Wednesday, December 15, 2010

Parent Like a Rock Star

At one time in my life I had a dream of performing on Broadway playing the role of Fantine in Les Miserables.  That dream died quickly when the reality of adulthood set in and I envisioned an ambitious and naive young actress huddling over a radiator in a shoebox sized apartment wondering if the bundle of coins in her pocket was enough for the next meal.  Instead I opted for a more predictable life, choosing family over fame, but I must tell you that the performer in me never died.

This morning, like most mornings, I awoke early to the sound of my alarm, hoping to steal at least fifteen minutes of silence before my children crept in the room.  I made my way to the bathroom to get into the shower.  I had barely slid the shower curtain over its rod, when the bathroom door opened, and standing in front of me were two sleep-eyed youngsters waiting for their morning kisses.  I stepped into the shower, listened to their conversation and threw in a word or two to let them know I was interested in their morning dialogue.  From the shower I traveled to the bedroom and then to the kitchen to get breakfast, all the while with two children in my shadow.   Since I had an early morning meeting, I knew this would have to be a multi-tasking breakfast.  I grabbed the mirror and my makeup from the bathroom and sat down at the dining room table to put my face on.  I started with foundation and both girls scooted close to me.  I reached into my case to grab the eye shadow and they moved even closer.  As I was adding the last few brushes of mascara, my oldest daughter Scarlett said "Mommy, you look really beautiful." 

At that moment I realized that my dream of performing on the big stage is a dream realized every day as a parent. No production of Les Miserables can ever compete with the Rock star role I have now.  I am the lead in my own production and I have two of the most adoring fans in the world.  They sit outside of my shower, waiting until I emerge and offer a smile, a kiss, or a kind word.  They watch my every move, whether I am putting on makeup, reading a book, doing dishes or talking on the phone. Like a good fan, they follow me from room to room, encouraging me to perform with my words and actions and trying to steal every moment of time and attention. Their plea for an autograph is concealed in the words "Can you play with me?" or "Do you want to throw the ball?" Their fan club is like no other.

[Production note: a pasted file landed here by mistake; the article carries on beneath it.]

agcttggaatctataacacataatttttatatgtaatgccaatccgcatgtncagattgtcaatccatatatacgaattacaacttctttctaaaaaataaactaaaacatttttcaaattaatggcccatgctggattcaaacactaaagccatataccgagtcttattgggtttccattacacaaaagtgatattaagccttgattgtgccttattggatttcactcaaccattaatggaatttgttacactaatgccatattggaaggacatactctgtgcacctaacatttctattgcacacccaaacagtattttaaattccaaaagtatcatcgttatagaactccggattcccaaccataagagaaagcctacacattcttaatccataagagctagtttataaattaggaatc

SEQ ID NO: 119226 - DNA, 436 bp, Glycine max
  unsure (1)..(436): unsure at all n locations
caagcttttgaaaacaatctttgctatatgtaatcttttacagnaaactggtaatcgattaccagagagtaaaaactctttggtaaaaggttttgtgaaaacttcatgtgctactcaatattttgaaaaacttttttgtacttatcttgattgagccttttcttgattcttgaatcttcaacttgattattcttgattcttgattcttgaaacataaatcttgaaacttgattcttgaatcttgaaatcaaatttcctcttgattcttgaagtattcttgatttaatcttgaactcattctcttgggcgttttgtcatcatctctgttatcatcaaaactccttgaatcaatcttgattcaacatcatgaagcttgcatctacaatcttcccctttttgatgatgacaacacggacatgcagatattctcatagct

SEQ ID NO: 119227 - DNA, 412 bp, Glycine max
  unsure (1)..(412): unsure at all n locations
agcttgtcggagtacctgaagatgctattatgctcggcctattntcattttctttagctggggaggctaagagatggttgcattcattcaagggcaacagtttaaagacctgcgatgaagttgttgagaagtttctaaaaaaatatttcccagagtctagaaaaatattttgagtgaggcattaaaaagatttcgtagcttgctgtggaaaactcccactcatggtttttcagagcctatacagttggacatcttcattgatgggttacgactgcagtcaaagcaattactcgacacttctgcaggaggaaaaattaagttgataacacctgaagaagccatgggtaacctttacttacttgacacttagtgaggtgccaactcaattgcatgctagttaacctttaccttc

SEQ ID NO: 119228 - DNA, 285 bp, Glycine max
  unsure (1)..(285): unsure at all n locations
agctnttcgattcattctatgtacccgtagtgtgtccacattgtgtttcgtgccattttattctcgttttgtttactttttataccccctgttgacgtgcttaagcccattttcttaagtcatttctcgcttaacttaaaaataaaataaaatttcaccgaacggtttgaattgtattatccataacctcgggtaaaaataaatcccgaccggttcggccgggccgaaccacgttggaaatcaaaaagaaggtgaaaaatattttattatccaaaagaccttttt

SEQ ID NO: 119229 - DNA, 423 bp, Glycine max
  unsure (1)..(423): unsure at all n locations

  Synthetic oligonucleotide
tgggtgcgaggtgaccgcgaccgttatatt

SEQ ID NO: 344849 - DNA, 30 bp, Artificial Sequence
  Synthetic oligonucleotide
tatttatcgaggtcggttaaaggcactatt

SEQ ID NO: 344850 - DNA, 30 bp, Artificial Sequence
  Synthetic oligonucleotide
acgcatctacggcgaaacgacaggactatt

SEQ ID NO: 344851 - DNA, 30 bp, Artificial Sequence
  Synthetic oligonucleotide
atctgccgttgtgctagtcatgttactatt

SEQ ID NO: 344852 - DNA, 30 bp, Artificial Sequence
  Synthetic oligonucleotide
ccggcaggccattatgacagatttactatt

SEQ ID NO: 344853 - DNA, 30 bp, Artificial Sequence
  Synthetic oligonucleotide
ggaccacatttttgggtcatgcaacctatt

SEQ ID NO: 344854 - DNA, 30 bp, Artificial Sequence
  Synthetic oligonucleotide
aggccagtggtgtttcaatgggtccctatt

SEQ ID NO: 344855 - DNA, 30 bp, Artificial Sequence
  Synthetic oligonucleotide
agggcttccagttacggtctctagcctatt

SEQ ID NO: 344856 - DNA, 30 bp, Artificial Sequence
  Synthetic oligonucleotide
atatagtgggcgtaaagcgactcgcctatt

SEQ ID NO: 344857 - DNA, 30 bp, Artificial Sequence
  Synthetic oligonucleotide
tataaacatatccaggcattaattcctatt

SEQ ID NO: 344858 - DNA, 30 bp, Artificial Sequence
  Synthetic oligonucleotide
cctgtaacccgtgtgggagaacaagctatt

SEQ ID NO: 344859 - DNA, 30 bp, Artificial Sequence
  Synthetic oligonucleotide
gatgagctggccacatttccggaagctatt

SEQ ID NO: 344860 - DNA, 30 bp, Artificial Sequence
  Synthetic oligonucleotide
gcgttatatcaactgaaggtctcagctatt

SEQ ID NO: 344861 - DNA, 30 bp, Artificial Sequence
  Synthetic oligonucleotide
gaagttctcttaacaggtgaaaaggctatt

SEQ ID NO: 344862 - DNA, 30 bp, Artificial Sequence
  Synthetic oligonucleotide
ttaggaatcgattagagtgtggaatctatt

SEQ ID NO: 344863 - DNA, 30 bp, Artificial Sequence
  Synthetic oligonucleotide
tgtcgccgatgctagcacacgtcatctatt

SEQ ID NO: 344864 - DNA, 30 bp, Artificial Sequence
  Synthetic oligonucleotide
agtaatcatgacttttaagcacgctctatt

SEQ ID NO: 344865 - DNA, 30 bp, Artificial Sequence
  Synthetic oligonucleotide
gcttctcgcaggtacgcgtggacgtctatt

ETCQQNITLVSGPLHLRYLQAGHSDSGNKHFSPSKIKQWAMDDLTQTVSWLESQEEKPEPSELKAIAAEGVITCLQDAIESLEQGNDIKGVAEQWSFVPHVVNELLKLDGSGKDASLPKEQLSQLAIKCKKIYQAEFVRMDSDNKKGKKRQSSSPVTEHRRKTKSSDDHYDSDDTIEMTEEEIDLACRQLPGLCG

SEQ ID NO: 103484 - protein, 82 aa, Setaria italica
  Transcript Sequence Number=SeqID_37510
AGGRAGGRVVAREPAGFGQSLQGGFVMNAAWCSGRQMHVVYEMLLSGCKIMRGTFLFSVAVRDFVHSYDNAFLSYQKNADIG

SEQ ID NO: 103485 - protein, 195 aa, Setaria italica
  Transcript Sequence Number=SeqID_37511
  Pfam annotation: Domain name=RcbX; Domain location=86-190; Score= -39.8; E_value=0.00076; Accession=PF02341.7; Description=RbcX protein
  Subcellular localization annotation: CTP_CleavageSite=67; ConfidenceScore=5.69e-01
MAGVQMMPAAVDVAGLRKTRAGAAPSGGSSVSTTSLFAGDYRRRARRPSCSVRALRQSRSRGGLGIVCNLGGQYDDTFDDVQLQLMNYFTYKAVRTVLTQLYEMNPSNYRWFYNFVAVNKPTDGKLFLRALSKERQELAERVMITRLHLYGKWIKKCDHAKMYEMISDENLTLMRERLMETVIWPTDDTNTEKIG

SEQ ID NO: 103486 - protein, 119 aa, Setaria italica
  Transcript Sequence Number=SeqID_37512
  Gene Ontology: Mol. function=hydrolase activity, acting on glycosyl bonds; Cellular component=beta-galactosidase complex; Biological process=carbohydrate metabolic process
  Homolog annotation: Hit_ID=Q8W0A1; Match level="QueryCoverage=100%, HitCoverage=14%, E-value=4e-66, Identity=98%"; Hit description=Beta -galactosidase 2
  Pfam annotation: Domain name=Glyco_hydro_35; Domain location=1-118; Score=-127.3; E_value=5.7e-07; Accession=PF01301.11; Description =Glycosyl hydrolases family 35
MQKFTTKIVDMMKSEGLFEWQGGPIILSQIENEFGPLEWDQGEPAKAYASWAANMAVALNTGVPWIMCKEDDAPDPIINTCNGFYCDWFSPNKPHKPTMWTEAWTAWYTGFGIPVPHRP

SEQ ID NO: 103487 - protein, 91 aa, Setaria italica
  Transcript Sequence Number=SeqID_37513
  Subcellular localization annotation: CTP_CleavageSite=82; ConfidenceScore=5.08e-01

The great psychologist Alfred Adler and the educational philosophy of Reggio Emilia remind us that children are keen observers. They learn and acquire skills by watching the world around them. They adopt behavioral roles based on what they see. If big sister is the "golden child" who can do anything, maybe little sister will learn that the quickest way to get mom and dad's attention is to misbehave and be the "unruly child". This is even more of a reason to be aware that at every moment of the day, you are on stage. The spotlight is shining on you, sometimes so hot that it is unbearable, but nonetheless, you are center stage. Your children are the adoring fans right in front of you studying your moves, your cues, your actions and your words. Perform with precision, always remembering that no one becomes a Rock star without years of practice. Sometimes you will be off key, miss a cue, stumble and fall on stage. Fine tuning only makes the next performance better. Learn from your mistakes and approach the next performance with understanding and forgiveness. And don't only step into your role as a Rock star parent, but celebrate and party like a Rock star too. You have the hardest and MOST IMPORTANT job in the world.

1 comment:

  1. You have beautifully stated it once again, Elizabeth. I agree with all you have said and especially appreciate the last few sentences. Don't feel as if you have to get it right every time. Be gentle with yourself and just enjoy the heck out of them. It is such a special time in a parent's life.